Quality control of constructions: European trends and developments

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    Purpose: This paper aims to evaluate the quality control systems for constructions in seven countries in Europe with the purpose to trace innovative approaches and best practices that can serve as examples for other countries. Design/methodology/approach: The paper is based on a series of research projects carried out over a number of years. The research results were updated in 2016 with a desktop research project in seven European countries. The results from this latest project form the heart of this paper. The information is organised into tables that describe and analyse the main features of the quality control systems of the countries (e.g. scope, focus and main characteristics of the procedures and quality demands on building professionals). Findings: Several similar trends can be recognised in the quality control systems of the various European Union (EU) countries. Quality control is getting more and more privatised and the control framework is setting checks and balances throughout the construction process. Other findings are that scope and focus of the statutory control is unbalanced. Within the control processes emphasis is put on the safety aspects of complex constructions. Far fewer demands are made on the quality of the builders. Re-orientation of the building regulatory framework seems to be needed. Research limitations/implications: The paper only focusses on European countries where private quality control is established and on selected topics. The findings are based on desktop research and not on the practical experiences of the stakeholders involved in the countries studied. Practical implications: The paper draws some important recommendations for policymakers in the building regulatory field. It suggests both an enhancement of the effectiveness of the quality control procedure as well as the commitment of builders to comply with the regulations. Social implications: The quality of constructions is essential for the wellbeing and safety of its users, its occupants or its visitors. This applies to the whole range of quality aspects: structural- and fire safety, health, sustainability and usability aspects. The analyses and recommendations of this paper aim to contribute to an improvement of the overall construction quality. Originality/value: The paper makes an original contribution to the (limited) literature that is available in this field. The results can be used to situate the quality control systems of each member state within the EU, to assess the main trends, and it can be used as a guide to develop strategic choices on possible improvements in each country.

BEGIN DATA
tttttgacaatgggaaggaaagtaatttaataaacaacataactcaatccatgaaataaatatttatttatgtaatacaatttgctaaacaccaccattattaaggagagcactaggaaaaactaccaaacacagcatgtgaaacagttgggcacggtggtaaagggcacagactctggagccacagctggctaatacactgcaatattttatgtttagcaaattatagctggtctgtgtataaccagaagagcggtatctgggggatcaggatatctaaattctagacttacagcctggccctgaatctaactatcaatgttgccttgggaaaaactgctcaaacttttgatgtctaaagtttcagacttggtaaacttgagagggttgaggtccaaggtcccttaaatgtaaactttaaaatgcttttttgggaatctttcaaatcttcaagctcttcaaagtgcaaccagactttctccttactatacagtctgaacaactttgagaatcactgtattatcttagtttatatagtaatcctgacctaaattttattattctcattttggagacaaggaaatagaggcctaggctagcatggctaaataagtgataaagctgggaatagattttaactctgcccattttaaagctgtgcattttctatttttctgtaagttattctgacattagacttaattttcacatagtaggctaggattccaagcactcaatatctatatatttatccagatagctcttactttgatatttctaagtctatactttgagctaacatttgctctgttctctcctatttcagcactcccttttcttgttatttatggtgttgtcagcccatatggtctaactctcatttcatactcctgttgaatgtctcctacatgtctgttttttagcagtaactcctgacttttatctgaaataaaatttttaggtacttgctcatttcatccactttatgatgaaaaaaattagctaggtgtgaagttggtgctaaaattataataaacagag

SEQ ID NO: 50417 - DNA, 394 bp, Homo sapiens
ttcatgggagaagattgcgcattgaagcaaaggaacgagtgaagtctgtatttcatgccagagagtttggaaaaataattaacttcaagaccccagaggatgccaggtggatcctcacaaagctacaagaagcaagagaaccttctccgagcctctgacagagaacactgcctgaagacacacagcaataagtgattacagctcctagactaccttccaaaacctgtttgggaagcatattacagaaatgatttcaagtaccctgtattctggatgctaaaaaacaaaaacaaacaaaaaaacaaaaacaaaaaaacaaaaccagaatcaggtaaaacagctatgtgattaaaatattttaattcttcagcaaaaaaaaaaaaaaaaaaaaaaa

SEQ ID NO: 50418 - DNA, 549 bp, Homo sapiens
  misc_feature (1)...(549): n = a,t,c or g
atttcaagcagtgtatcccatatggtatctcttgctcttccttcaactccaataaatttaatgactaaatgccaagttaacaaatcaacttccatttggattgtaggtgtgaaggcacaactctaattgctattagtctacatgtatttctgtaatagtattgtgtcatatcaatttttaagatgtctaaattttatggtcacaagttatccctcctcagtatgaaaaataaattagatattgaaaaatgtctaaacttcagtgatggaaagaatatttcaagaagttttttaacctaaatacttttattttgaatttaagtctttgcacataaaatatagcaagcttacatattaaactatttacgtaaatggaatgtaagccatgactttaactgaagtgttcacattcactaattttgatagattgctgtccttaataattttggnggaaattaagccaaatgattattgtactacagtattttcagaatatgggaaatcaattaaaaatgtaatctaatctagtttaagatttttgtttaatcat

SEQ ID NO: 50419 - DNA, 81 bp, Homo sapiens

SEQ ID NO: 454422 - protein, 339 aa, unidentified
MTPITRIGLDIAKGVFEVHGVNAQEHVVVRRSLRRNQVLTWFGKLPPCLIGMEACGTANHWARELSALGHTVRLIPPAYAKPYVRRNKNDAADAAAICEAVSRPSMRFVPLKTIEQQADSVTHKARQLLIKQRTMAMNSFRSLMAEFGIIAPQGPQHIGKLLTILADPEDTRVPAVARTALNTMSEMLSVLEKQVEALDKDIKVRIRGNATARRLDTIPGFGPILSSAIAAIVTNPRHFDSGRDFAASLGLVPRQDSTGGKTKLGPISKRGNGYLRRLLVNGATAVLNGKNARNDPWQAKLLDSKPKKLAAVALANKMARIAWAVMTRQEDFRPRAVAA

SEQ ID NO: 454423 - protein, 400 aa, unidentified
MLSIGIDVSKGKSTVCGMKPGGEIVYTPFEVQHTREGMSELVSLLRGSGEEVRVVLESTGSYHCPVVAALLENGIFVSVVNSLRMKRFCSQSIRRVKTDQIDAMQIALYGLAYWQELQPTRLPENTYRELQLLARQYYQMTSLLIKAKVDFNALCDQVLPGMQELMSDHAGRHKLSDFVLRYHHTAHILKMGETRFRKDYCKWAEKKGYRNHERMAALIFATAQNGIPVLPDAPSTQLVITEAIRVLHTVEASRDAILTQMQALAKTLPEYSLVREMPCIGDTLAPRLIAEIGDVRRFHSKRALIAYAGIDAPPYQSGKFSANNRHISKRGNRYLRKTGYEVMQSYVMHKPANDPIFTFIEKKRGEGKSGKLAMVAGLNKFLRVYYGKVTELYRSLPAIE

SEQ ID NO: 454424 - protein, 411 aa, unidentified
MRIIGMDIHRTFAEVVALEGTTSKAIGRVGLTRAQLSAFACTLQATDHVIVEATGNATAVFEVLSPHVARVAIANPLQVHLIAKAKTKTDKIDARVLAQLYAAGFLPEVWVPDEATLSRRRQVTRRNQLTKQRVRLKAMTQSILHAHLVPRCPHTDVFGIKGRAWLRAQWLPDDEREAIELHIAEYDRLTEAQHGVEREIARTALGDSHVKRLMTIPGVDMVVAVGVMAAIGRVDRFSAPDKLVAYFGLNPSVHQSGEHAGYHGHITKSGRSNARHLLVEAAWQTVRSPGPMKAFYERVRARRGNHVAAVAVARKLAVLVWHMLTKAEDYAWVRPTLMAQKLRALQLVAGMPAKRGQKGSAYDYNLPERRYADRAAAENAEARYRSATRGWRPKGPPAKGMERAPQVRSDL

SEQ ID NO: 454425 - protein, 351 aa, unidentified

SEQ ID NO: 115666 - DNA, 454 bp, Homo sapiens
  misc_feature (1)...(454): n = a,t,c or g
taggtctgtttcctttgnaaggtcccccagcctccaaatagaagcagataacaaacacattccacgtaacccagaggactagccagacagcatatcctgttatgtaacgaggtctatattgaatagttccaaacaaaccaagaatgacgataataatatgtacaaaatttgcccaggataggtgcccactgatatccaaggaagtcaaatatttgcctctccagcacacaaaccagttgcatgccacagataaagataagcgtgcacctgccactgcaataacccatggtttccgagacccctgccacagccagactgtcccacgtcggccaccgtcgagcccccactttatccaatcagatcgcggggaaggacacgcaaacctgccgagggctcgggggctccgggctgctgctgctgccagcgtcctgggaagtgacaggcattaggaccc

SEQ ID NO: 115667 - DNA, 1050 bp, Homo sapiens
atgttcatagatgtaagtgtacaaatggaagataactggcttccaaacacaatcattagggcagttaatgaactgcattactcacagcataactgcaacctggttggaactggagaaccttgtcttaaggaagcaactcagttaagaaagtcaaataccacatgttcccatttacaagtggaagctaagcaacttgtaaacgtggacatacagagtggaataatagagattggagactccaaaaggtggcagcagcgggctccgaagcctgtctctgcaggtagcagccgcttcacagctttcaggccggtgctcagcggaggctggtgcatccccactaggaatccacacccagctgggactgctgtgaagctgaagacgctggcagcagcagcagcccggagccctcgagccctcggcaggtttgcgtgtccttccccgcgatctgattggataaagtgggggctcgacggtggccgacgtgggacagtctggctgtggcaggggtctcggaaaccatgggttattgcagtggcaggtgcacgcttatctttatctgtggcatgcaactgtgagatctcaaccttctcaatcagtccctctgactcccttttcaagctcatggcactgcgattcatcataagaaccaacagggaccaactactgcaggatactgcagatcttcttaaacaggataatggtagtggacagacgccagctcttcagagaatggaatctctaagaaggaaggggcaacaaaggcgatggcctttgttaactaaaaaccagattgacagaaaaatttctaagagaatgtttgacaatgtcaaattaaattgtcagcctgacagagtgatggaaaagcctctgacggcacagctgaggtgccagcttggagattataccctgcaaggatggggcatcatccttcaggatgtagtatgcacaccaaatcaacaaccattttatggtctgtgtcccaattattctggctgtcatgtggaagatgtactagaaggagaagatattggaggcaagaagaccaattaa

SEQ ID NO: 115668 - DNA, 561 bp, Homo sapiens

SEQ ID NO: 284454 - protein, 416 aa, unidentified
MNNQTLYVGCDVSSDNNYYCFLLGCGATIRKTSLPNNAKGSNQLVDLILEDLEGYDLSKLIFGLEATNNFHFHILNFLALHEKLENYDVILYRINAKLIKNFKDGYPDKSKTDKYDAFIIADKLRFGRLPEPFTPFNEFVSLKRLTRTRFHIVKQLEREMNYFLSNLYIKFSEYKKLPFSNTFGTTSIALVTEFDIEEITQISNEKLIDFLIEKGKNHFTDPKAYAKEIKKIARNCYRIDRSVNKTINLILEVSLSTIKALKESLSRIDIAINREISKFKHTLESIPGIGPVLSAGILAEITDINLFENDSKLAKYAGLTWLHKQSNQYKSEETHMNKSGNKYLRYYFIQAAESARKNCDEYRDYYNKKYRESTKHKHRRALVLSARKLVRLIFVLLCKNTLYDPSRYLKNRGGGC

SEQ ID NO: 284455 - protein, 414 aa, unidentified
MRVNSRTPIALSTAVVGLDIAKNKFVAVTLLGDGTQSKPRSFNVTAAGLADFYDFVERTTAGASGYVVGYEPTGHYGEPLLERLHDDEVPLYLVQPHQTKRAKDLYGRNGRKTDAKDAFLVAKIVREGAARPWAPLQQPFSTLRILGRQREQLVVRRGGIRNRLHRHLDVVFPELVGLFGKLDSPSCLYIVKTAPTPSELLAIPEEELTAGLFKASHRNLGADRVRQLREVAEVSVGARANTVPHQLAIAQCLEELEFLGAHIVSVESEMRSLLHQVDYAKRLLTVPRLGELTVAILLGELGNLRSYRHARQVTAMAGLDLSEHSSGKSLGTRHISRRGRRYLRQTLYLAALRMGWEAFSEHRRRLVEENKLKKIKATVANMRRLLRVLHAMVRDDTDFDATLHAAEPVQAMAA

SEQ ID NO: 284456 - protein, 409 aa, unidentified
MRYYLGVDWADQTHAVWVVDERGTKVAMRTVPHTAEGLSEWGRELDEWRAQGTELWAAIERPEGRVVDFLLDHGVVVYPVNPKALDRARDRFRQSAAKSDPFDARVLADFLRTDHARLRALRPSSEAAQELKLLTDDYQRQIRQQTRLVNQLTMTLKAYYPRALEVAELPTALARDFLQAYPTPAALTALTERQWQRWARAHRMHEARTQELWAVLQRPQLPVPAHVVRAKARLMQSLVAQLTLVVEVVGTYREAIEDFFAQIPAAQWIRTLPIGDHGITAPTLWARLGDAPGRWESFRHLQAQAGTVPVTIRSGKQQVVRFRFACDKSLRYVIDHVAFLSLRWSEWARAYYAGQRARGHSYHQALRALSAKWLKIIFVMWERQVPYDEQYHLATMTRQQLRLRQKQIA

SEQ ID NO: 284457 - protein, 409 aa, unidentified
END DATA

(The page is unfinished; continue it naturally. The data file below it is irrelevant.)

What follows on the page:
Original languageEnglish
    Pages (from-to)143-161
    JournalInternational Journal of Law in the Built Environment
    Issue number2
    Publication statusPublished - 2017


    • Building regulations
    • Construction quality
    • European Union
    • Privatisation
    • Quality control
    • Sustainability


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